A stroke causes loss of physical function because it temporarily or permanently damages the parts of the brain responsible for those functions. The same damage is also responsible for behavioral and cognitive changes, which range from memory and vision problems to severe depression and anger. Each of these changes correspond to a specific region of the brain that was damaged due to stroke.
For example, damage in the left hemisphere of your brain will cause weakness and paralysis on the right side of your body. If a stroke damages or kills brain cells in the right hemisphere, you may struggle to understand facial cues or control your behavior. However, brain damage due to stroke is not necessarily permanent.
[Abstract] Robotic approaches for the rehabilitation of upper limb recovery after stroke: a systematic review and meta-analysis.
This systematic review with a meta-analysis of studies was carried out to evaluate the effectiveness of robotic training (RT) and conventional training (CT) in improving the motor recovery of paretic upper limbs in stroke patients. Numerous electronic databases were searched from January 2000 to May 2016. Finally, 13 randomized-controlled trials fulfilled the inclusion criteria and were included in the three meta-analyses. The first meta-analysis carried out for those studies using RT for stroke patients indicated a significant improvement in the RT groups. The second meta-analysis suggested that the upper limb function (measured by Fugl-Meyer test) was significantly improved when RT was used with CT compared with CT alone. The third meta-analysis noted a significant difference in motor recovery between the CT-only and RT groups (RT only or RT combined with CT) in the chronic stages of stroke, but not in the acute or subacute stages. However, the RT group also showed a higher Fugl-Meyer score in patients at both the acute and the subacute stage. RT appeared to have positive outcomes to enhance motor recovery of the paralyzed upper limb. Robotic devices were believed to provide more assistance to patients to help support the weight of the upper limb; thus, active movement training can begin in the early rehabilitation stage. These novel devices may also help those chronic patients to achieve better rehabilitation goals. As a summary, RT could be used in addition to CT to help both therapists and patients in the management of the paralyzed upper limb.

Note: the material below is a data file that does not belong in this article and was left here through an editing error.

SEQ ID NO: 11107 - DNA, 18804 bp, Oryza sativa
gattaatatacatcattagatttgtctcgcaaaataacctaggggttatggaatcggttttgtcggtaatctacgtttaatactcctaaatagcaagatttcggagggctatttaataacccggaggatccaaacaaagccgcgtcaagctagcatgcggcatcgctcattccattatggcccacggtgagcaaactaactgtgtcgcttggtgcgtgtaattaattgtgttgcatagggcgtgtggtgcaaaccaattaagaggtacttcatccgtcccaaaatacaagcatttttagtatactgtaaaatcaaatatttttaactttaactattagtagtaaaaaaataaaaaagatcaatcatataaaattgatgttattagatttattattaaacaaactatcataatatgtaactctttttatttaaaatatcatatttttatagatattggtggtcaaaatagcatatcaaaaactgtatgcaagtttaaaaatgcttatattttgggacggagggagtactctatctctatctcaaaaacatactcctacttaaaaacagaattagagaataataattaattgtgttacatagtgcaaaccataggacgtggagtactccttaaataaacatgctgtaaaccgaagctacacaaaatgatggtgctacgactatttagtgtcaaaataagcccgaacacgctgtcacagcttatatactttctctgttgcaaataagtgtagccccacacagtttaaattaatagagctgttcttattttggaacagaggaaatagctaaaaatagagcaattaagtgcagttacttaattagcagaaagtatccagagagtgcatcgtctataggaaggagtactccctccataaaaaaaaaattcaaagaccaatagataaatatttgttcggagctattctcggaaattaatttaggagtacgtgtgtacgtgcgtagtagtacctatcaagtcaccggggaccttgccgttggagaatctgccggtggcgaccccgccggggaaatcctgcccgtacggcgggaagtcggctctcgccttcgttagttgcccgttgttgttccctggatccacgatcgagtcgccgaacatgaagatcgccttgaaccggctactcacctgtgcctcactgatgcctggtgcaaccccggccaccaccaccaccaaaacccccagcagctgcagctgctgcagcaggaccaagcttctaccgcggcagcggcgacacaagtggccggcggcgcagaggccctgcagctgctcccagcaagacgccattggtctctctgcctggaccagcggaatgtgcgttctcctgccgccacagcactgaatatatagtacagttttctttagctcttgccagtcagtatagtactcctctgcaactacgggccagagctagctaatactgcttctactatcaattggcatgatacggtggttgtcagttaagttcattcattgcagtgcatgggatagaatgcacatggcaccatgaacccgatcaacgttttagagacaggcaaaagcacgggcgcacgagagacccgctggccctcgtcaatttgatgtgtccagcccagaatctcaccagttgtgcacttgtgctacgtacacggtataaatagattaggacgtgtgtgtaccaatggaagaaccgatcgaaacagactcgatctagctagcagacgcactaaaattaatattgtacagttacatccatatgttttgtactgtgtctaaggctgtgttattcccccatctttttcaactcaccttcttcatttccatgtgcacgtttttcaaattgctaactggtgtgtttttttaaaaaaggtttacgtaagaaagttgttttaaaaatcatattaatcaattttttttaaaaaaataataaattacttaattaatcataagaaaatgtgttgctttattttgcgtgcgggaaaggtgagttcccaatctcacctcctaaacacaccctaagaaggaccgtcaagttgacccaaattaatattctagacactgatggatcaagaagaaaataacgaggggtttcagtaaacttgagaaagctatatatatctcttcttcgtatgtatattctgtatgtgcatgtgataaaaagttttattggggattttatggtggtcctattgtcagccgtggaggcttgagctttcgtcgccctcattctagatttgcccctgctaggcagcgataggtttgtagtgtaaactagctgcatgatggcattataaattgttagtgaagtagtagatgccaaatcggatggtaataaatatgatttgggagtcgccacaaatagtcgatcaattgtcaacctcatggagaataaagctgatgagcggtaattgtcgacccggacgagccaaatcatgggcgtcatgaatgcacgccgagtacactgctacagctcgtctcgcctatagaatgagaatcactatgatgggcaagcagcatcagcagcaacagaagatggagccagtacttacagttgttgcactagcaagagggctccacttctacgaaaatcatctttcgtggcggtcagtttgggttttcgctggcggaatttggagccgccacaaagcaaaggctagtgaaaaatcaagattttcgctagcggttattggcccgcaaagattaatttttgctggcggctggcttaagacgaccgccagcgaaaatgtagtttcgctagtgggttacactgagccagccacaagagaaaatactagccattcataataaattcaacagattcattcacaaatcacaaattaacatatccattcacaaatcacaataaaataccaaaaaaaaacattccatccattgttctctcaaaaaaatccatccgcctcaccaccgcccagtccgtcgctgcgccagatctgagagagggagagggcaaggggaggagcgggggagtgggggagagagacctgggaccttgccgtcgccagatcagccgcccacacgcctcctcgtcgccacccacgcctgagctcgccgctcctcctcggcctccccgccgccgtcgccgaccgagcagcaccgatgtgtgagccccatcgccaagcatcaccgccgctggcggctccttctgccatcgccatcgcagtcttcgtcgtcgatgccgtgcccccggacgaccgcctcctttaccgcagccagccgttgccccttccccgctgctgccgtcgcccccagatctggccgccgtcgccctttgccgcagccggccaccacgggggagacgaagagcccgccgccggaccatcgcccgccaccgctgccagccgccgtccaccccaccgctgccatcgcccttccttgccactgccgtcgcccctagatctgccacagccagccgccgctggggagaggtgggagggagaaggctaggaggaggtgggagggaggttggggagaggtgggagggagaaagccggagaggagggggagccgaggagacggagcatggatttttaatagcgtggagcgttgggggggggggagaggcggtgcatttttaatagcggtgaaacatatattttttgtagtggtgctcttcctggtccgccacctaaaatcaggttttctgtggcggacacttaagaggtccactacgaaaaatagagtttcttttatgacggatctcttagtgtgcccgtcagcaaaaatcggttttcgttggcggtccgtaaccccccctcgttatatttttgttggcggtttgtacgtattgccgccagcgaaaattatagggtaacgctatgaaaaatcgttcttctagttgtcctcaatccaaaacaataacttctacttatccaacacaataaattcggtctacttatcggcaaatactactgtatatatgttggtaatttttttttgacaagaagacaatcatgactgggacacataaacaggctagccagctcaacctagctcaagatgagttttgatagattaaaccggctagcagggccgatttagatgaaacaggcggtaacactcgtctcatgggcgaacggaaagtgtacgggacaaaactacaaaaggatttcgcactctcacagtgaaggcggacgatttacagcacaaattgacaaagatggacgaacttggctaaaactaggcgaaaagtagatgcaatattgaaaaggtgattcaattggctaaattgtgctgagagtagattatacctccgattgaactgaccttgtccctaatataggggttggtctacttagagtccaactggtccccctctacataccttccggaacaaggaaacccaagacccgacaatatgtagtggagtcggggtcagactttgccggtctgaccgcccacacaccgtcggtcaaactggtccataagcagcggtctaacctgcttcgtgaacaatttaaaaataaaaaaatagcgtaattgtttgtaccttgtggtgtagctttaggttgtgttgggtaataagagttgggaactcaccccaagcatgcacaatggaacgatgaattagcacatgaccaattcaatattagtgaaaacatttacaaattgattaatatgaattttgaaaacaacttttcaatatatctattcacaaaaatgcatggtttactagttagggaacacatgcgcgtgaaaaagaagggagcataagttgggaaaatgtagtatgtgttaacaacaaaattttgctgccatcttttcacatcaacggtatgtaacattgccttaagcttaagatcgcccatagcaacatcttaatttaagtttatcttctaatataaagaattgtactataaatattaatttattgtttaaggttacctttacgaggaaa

[Abstract] The effect of peripheral nerve electrical stimulation on corticomotor excitability and motor function of the paretic hand in stroke
Electrical stimulation to the stroke-affected paretic upper limb (UL) has been a treatment to promote its motor recovery. Despite its efficacy in promoting muscle strength and enhancing motor training, the underlying neurophysiological mechanism for such motor improvement has not been clear. It is crucial to delineate the corticomotor plasticity effects of electrical stimulation when it is applied as a single entity and as an adjunct to other forms of therapies, since the knowledge would support formulation of effective treatment for the paretic UL in stroke rehabilitation.